(p. 8) . . . Pixar’s story was anything but preordained. It is a triple helix of artistic, technological, and business struggles, and it is a study in the tremendously uncertain and contingent nature of artistic, technological, and business success. It illustrates how professional prestige and social status flow into each other, and how a small organization can magnify its power by deploying them as an economic force. It shows how small things, done well, can lead to big things. It is the story of a small group of individuals who started with a shared ambition to create a new way of telling stories–within a virtual world of mathematical constructions–and who traveled a long and circuitous road until their vision became a reality.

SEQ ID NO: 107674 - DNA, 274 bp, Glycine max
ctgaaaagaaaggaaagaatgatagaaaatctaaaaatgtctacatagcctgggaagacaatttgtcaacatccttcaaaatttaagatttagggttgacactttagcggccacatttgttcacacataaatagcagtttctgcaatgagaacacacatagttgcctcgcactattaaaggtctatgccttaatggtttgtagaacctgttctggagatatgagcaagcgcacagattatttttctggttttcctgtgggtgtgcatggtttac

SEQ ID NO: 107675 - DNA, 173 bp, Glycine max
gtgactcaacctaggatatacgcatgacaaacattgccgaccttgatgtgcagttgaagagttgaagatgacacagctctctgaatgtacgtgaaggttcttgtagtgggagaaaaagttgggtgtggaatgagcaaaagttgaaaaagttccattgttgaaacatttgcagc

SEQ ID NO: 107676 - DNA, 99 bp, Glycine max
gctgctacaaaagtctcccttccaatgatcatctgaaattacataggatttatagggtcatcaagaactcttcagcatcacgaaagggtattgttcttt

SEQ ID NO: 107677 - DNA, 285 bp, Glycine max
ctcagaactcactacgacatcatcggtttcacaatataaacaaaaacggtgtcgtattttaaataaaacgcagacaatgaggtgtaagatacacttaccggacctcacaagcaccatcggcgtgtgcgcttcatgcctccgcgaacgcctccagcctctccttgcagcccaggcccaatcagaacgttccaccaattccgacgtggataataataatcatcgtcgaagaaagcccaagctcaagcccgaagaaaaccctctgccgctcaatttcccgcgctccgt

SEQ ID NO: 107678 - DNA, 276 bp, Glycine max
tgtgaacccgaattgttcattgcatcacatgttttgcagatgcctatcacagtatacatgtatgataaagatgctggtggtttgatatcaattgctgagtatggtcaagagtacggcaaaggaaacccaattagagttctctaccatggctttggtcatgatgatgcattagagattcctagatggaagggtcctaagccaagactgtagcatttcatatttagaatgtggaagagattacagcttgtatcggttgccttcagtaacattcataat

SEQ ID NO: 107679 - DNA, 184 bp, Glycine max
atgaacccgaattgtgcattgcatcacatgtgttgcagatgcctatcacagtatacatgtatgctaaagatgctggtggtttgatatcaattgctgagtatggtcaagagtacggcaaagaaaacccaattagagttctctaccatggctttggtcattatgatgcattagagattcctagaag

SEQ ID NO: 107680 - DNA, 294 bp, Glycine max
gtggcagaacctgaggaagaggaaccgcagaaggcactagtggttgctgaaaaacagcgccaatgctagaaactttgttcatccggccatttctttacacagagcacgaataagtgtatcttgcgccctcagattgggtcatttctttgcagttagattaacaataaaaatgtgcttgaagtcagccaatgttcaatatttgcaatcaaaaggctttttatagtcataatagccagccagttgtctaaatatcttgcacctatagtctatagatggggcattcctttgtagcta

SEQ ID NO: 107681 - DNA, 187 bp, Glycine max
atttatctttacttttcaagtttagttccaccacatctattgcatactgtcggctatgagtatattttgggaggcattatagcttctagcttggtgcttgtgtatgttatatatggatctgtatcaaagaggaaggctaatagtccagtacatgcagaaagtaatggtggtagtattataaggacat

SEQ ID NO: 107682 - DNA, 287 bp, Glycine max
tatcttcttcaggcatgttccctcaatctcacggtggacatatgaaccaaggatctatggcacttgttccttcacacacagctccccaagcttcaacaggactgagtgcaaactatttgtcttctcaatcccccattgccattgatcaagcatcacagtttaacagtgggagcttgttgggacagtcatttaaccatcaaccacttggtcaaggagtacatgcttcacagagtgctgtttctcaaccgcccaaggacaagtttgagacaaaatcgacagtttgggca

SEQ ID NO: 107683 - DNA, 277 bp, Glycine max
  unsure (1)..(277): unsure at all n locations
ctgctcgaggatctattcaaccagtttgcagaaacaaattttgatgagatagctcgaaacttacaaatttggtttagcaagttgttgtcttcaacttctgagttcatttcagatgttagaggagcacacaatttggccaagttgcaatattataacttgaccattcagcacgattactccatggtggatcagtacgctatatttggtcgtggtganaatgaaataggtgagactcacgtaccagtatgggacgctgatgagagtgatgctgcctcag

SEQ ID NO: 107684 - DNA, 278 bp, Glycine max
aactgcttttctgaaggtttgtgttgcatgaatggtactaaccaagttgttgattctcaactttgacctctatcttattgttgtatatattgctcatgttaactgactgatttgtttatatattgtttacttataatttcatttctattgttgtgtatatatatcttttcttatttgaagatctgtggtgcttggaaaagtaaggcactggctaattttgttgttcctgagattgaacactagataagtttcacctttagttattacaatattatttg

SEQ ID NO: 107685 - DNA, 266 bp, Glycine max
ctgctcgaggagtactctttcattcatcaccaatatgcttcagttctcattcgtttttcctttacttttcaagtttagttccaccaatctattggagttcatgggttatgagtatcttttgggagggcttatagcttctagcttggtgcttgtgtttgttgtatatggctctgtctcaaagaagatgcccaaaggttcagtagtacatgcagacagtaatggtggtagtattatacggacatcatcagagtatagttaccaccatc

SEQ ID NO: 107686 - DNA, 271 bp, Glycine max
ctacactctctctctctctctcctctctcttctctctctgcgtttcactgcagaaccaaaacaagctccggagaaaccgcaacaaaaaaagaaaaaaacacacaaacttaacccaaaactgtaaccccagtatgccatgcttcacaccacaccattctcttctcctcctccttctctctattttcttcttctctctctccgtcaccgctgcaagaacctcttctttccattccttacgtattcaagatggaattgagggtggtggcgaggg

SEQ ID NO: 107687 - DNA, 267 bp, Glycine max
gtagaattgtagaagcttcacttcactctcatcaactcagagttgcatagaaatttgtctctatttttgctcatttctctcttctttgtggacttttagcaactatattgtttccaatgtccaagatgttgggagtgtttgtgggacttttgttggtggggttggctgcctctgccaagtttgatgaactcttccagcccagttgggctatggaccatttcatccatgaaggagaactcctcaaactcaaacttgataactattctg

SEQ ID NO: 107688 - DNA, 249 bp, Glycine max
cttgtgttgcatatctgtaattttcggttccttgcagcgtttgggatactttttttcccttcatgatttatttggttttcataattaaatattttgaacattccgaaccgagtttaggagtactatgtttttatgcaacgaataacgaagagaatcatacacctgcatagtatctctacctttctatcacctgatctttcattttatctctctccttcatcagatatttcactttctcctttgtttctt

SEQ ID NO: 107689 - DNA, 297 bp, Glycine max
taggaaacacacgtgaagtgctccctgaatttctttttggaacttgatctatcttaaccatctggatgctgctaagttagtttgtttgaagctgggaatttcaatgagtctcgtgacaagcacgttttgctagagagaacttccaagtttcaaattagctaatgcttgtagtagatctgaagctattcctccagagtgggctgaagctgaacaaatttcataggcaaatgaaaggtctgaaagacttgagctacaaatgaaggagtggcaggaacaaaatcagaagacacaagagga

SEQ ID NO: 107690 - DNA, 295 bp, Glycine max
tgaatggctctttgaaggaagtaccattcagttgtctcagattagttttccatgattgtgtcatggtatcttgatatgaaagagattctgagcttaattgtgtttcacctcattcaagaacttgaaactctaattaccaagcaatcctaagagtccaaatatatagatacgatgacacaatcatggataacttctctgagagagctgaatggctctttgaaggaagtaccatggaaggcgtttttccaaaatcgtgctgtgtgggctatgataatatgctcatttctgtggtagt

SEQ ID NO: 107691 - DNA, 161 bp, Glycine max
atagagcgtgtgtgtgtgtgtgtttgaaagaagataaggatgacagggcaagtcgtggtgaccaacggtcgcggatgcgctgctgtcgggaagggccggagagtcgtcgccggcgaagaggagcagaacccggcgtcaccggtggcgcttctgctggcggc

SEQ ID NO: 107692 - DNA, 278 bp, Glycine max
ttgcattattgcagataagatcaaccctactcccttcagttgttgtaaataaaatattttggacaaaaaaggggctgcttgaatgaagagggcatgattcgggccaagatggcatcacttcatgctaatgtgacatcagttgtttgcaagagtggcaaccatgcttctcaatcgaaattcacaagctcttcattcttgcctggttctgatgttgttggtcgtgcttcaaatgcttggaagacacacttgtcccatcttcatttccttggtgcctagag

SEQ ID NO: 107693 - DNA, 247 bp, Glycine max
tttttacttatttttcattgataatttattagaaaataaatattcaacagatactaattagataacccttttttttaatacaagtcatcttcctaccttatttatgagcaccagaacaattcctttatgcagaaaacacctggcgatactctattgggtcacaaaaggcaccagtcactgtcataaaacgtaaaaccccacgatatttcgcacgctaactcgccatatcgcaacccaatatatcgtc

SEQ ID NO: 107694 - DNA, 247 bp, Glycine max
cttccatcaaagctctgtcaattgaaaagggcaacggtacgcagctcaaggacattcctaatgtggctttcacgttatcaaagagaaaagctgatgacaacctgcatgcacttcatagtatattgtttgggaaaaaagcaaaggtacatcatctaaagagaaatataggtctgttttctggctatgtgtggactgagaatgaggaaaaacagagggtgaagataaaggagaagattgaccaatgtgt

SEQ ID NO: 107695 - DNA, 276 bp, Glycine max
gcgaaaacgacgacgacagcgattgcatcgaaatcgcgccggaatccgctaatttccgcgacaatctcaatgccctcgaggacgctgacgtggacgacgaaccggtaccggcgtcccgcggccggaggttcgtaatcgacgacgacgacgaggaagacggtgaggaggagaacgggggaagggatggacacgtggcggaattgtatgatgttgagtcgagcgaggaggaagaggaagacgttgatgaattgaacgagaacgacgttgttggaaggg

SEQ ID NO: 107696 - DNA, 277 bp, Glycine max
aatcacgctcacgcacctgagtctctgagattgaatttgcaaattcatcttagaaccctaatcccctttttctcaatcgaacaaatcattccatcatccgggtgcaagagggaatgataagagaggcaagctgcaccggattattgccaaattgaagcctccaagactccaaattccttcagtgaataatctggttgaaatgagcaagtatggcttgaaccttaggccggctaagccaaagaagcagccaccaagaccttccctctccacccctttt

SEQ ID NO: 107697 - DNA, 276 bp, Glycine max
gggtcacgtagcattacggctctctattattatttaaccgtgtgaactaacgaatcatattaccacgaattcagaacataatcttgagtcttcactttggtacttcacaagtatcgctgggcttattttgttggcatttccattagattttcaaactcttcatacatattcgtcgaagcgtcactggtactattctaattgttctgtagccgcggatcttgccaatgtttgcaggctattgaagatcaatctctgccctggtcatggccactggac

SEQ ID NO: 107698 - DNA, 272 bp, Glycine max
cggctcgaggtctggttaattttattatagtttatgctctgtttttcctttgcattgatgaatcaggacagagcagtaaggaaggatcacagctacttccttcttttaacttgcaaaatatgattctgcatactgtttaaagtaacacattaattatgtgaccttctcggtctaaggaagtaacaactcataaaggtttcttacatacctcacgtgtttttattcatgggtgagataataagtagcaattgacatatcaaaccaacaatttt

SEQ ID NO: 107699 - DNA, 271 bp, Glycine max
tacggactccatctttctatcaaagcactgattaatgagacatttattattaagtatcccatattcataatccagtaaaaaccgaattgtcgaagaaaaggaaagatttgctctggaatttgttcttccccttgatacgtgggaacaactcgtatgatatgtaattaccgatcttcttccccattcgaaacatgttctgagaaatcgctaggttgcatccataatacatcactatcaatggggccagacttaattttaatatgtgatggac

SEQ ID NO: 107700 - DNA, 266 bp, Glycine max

Price, David A. The Pixar Touch: The Making of a Company. New York: Alfred A. Knopf, 2008.
(Note: my strong impression is that the pagination is the same for the 2008 hardback and the 2009 paperback editions, except for part of the epilogue, which is revised and expanded in the paperback. I believe the passage above has the same page number in both editions.)